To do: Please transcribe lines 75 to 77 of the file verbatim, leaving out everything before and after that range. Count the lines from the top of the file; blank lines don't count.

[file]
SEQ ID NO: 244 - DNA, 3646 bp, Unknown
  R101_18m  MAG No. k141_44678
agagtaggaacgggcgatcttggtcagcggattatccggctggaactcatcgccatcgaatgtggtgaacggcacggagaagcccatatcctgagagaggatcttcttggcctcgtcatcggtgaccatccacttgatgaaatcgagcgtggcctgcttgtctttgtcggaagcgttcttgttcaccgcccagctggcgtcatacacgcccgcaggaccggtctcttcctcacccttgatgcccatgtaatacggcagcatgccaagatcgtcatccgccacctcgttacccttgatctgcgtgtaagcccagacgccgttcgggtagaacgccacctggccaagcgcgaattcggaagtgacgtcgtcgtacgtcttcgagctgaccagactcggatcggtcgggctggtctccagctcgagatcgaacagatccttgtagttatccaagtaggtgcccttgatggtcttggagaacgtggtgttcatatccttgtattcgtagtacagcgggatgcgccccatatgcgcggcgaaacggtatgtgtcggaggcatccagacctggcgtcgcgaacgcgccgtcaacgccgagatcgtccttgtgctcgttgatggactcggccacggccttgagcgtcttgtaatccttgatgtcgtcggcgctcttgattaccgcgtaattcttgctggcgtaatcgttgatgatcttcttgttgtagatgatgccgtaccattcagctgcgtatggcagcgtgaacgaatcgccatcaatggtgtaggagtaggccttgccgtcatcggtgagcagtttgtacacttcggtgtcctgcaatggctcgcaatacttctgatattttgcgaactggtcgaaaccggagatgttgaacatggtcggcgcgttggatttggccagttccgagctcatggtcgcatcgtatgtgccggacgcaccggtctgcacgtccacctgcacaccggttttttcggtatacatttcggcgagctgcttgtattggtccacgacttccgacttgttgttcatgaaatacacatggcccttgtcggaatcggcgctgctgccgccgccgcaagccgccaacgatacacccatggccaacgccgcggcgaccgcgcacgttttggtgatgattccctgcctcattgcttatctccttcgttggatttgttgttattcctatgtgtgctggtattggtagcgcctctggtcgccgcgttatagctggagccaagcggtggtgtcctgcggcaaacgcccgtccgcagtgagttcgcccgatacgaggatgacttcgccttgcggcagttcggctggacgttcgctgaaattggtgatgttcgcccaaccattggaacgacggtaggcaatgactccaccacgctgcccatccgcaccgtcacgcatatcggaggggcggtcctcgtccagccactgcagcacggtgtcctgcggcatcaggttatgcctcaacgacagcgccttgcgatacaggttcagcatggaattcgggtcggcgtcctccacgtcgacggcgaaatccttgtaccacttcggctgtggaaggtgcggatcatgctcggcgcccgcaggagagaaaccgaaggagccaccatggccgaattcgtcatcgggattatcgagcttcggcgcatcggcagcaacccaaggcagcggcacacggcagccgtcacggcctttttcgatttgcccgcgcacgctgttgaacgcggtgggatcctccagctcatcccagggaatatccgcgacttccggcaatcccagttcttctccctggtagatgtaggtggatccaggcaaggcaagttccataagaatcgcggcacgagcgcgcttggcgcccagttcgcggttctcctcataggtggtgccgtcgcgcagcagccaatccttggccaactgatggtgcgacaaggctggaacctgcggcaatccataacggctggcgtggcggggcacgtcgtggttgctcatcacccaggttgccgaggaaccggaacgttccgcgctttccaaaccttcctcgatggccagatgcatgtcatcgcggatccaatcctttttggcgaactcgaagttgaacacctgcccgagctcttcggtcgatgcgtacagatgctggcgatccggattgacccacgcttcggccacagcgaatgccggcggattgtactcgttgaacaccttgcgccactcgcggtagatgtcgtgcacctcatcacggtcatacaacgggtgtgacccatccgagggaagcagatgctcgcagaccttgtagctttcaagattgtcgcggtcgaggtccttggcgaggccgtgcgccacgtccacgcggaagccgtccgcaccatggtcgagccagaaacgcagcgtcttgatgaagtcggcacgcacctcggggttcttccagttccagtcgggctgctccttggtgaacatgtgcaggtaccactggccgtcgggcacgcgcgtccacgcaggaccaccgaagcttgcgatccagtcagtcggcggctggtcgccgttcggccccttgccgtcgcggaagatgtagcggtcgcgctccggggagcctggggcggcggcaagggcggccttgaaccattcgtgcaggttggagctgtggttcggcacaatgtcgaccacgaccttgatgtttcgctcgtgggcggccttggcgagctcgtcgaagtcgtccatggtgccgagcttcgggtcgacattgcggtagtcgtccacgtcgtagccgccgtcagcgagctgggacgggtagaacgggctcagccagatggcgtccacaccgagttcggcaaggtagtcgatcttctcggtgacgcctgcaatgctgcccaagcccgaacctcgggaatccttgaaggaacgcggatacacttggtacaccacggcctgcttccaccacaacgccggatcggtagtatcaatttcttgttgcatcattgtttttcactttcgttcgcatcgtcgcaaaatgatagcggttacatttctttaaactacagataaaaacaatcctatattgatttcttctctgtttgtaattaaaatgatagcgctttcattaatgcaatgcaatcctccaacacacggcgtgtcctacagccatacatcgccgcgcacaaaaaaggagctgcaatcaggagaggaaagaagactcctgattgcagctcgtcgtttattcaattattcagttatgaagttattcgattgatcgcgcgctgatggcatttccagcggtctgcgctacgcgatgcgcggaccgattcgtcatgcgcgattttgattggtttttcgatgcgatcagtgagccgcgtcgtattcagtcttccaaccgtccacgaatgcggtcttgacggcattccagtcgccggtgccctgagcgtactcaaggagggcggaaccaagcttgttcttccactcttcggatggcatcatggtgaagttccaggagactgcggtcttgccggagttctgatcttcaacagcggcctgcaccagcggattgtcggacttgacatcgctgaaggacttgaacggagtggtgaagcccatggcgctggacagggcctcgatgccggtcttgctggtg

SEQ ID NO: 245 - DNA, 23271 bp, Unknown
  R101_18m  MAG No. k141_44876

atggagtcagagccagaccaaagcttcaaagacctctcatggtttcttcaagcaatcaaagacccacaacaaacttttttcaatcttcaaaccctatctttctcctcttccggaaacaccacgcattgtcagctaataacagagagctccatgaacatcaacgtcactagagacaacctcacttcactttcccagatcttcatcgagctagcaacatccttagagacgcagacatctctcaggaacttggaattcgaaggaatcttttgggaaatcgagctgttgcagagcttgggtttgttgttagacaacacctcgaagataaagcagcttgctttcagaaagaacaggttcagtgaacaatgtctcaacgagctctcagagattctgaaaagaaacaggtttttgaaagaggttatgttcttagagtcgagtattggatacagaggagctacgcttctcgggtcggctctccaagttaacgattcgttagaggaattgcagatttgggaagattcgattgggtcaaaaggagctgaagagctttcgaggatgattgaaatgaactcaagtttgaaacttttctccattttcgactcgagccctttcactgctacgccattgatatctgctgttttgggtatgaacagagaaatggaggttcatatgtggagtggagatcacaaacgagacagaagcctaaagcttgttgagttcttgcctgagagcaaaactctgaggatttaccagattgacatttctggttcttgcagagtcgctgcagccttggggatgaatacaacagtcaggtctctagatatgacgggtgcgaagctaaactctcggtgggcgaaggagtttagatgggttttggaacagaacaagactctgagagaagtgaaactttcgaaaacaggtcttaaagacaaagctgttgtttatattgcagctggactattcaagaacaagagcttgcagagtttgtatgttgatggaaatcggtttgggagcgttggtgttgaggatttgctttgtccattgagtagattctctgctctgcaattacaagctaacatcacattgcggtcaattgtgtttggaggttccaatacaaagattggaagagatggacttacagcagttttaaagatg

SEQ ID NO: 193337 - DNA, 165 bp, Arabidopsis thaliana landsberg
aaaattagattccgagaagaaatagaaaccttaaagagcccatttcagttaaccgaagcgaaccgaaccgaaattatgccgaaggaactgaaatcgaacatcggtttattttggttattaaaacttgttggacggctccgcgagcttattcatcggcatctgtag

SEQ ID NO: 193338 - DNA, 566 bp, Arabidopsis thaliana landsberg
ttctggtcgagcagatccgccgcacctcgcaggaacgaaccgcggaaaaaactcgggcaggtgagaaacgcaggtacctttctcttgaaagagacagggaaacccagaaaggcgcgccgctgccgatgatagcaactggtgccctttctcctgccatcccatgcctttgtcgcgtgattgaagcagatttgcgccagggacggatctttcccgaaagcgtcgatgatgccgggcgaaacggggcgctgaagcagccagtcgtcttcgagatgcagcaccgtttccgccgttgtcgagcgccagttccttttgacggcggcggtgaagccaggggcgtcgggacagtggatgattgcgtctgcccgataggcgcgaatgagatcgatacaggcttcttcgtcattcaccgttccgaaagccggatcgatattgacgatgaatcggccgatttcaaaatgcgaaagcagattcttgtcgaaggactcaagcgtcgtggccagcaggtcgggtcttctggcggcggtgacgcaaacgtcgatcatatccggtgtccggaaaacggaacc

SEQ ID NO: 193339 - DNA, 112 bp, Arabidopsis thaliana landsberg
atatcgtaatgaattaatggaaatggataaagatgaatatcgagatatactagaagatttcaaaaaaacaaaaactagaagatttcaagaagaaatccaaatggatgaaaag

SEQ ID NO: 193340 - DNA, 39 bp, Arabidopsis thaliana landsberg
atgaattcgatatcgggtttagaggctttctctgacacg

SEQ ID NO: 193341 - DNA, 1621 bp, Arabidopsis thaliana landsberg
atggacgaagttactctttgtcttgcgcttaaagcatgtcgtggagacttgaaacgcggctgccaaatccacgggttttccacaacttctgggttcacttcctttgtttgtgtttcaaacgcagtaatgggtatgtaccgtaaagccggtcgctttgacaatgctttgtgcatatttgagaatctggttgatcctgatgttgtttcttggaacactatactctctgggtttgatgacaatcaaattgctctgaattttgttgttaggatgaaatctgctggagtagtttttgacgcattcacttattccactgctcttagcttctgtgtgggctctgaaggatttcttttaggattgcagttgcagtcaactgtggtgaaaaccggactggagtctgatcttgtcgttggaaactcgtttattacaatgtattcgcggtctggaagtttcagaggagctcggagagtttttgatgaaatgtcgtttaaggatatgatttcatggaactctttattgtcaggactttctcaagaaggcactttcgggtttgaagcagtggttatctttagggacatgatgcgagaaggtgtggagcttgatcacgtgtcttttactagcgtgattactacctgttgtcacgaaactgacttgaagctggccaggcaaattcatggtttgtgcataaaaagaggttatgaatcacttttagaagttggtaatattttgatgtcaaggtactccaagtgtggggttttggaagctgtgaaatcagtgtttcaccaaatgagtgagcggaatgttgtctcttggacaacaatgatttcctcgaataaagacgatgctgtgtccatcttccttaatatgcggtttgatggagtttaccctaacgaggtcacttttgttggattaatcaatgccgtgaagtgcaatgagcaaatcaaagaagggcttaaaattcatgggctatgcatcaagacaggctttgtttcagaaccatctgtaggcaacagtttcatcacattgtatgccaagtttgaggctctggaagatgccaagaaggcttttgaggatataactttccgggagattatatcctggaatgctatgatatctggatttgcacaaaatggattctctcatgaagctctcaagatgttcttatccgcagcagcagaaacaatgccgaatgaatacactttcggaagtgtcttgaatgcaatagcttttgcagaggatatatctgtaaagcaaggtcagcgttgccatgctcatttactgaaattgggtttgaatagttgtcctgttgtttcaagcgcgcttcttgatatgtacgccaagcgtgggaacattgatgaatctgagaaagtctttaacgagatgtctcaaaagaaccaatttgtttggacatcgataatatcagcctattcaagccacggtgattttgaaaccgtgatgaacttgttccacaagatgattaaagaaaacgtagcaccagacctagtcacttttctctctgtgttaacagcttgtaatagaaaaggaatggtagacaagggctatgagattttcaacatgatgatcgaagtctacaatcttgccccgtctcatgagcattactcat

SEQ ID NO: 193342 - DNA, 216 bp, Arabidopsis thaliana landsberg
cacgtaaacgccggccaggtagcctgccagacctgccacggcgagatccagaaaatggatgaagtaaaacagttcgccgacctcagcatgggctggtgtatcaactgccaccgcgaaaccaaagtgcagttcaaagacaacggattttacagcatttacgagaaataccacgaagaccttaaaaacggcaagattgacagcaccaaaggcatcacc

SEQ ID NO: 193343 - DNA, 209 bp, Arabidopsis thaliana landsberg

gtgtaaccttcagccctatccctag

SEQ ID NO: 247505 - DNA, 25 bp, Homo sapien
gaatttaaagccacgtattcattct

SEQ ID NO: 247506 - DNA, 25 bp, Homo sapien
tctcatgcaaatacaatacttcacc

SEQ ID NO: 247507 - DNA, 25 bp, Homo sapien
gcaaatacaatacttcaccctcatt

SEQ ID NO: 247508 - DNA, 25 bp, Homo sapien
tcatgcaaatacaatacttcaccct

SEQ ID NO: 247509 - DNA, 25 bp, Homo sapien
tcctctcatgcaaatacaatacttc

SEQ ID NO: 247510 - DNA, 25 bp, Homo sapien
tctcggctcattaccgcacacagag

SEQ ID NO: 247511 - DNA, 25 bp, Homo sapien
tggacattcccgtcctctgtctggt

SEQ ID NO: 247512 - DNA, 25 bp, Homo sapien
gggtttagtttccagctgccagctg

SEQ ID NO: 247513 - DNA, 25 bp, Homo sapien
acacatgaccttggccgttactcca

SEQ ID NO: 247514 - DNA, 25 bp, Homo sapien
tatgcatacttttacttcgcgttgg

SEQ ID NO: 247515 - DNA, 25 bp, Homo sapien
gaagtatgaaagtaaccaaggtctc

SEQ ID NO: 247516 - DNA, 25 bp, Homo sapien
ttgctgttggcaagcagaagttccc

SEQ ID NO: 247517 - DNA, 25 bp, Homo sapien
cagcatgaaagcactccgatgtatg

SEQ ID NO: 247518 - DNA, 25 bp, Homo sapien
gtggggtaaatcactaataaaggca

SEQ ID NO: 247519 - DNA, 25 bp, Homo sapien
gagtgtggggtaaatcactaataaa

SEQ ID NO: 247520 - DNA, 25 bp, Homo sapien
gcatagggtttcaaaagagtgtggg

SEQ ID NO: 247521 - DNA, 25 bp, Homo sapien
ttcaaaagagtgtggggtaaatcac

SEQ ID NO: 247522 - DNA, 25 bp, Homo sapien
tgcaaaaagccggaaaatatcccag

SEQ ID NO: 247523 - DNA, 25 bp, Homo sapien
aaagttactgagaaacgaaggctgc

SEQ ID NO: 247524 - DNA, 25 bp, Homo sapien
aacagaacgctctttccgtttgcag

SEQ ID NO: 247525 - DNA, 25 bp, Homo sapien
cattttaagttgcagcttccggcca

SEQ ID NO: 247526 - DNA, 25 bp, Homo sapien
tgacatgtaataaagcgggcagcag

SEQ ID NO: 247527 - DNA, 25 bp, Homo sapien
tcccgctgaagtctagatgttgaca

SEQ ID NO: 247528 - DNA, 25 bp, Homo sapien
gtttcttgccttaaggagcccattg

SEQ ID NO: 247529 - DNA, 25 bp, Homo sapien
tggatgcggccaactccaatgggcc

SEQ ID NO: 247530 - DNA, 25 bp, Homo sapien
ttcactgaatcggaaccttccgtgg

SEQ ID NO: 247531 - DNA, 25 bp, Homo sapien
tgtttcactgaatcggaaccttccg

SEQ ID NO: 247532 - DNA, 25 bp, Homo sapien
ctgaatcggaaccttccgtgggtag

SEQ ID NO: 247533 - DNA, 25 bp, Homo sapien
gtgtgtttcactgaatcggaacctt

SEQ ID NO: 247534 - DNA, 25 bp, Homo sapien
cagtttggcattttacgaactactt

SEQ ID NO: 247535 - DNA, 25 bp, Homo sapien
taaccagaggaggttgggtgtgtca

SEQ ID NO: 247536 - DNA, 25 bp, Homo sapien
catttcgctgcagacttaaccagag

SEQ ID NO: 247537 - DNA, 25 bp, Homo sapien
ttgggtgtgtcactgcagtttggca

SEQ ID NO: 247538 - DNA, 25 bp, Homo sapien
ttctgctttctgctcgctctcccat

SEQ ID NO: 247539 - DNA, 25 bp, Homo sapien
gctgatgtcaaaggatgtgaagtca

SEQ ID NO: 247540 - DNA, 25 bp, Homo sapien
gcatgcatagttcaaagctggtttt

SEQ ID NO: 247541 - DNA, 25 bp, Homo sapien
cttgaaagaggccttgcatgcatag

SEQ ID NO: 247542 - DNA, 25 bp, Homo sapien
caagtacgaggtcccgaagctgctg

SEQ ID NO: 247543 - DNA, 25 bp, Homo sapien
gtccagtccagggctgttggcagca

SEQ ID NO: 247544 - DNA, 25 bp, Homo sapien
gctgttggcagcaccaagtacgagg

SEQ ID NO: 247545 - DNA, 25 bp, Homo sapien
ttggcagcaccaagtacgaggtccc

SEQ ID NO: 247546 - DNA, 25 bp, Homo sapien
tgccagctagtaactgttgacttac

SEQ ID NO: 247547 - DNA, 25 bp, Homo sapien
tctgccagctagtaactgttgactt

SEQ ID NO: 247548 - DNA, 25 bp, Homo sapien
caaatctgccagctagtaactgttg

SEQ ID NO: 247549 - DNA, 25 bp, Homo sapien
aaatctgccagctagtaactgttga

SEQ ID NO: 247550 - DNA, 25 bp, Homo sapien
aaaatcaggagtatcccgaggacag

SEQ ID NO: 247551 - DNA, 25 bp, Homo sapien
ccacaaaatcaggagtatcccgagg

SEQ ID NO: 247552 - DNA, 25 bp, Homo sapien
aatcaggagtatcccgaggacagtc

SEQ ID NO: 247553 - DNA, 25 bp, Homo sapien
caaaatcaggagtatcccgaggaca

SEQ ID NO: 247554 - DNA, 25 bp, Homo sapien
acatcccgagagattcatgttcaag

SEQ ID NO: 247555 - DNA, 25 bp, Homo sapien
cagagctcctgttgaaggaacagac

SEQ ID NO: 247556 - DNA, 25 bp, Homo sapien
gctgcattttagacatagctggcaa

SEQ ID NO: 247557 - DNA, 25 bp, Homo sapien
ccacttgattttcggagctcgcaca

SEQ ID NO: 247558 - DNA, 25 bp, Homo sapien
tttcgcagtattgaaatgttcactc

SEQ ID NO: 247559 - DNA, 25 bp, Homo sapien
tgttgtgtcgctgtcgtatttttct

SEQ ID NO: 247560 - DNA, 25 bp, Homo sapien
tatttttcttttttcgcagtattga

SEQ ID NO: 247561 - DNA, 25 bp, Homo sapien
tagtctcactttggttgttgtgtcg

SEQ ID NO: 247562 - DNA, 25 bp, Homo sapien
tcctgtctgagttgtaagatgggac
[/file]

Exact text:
SEQ ID NO: 247532 - DNA, 25 bp, Homo sapien
ctgaatcggaaccttccgtgggtag

SEQ ID NO: 247533 - DNA, 25 bp, Homo sapien